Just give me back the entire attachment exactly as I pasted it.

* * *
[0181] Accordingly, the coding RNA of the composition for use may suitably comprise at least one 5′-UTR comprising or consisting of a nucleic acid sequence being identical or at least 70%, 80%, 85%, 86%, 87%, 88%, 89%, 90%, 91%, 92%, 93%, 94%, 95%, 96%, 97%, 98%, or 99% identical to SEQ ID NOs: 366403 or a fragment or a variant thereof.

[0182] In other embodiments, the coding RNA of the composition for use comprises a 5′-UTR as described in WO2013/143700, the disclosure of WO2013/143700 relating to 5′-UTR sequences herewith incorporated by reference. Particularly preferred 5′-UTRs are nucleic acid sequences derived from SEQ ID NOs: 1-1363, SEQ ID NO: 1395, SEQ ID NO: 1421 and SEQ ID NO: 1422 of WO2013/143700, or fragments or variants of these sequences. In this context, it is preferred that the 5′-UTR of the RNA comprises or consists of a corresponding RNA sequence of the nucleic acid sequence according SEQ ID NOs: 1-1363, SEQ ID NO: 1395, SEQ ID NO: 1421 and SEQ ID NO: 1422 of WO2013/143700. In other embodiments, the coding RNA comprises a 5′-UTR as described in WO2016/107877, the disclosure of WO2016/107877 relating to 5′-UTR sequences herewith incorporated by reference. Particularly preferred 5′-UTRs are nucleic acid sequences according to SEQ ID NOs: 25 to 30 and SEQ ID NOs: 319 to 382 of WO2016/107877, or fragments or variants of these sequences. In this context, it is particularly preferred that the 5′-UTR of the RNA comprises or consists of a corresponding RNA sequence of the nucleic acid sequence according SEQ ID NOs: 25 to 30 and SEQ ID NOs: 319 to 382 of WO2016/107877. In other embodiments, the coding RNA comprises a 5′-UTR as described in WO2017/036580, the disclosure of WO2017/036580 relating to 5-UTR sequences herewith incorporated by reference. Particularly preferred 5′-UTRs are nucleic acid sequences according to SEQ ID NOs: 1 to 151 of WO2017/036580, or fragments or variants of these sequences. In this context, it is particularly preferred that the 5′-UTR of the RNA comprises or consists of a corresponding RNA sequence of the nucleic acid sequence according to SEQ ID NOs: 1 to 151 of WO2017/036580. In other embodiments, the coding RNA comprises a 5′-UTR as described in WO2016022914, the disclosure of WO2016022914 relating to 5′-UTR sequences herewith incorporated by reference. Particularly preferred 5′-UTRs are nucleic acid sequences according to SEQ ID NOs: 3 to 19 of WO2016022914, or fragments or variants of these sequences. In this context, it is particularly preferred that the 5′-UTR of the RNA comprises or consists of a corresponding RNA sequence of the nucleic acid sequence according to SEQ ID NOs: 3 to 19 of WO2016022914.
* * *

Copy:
[0181] Accordingly, the coding RNA of the composition for use may suitably comprise at least one 5′-UTR comprising or consisting of a nucleic acid sequence being identical or at least 70%, 80%, 85%, 86%, 87%, 88%, 89%, 90%, 91%, 92%, 93%, 94%, 95%, 96%, 97%, 98%, or 99% identical to SEQ ID NOs: 366403 or a fragment or a variant thereof.

[0182] In other embodiments, the coding RNA of the composition for use comprises a 5′-UTR as described in WO2013/143700, the disclosure of WO2013/143700 relating to 5′-UTR sequences herewith incorporated by reference. Particularly preferred 5′-UTRs are nucleic acid sequences derived from SEQ ID NOs: 1-1363, SEQ ID NO: 1395, SEQ ID NO: 1421 and SEQ ID NO: 1422 of WO2013/143700, or fragments or variants of these sequences. In this context, it is preferred that the 5′-UTR of the RNA comprises or consists of a corresponding RNA sequence of the nucleic acid sequence according SEQ ID NOs: 1-1363, SEQ ID NO: 1395, SEQ ID NO: 1421 and SEQ ID NO: 1422 of WO2013/143700. In other embodiments, the coding RNA comprises a 5′-UTR as described in WO2016/107877, the disclosure of WO2016/107877 relating to 5′-UTR sequences herewith incorporated by reference. Particularly preferred 5′-UTRs are nucleic acid sequences according to SEQ ID NOs: 25 to 30 and SEQ ID NOs: 319 to 382 of WO2016/107877, or fragments or variants of these sequences. In this context, it is particularly preferred that the 5′-UTR of the RNA comprises or consists of a corresponding RNA sequence of the nucleic acid sequence according SEQ ID NOs: 25 to 30 and SEQ ID NOs: 319 to 382 of WO2016/107877. In other embodiments, the coding RNA comprises a 5′-UTR as described in WO2017/036580, the disclosure of WO2017/036580 relating to 5-UTR sequences herewith incorporated by reference. Particularly preferred 5′-UTRs are nucleic acid sequences according to SEQ ID NOs: 1 to 151 of WO2017/036580, or fragments or variants of these sequences. In this context, it is particularly preferred that the 5′-UTR of the RNA comprises or consists of a corresponding RNA sequence of the nucleic acid sequence according to SEQ ID NOs: 1 to 151 of WO2017/036580. In other embodiments, the coding RNA comprises a 5′-UTR as described in WO2016022914, the disclosure of WO2016022914 relating to 5′-UTR sequences herewith incorporated by reference. Particularly preferred 5′-UTRs are nucleic acid sequences according to SEQ ID NOs: 3 to 19 of WO2016022914, or fragments or variants of these sequences. In this context, it is particularly preferred that the 5′-UTR of the RNA comprises or consists of a corresponding RNA sequence of the nucleic acid sequence according to SEQ ID NOs: 3 to 19 of WO2016022914.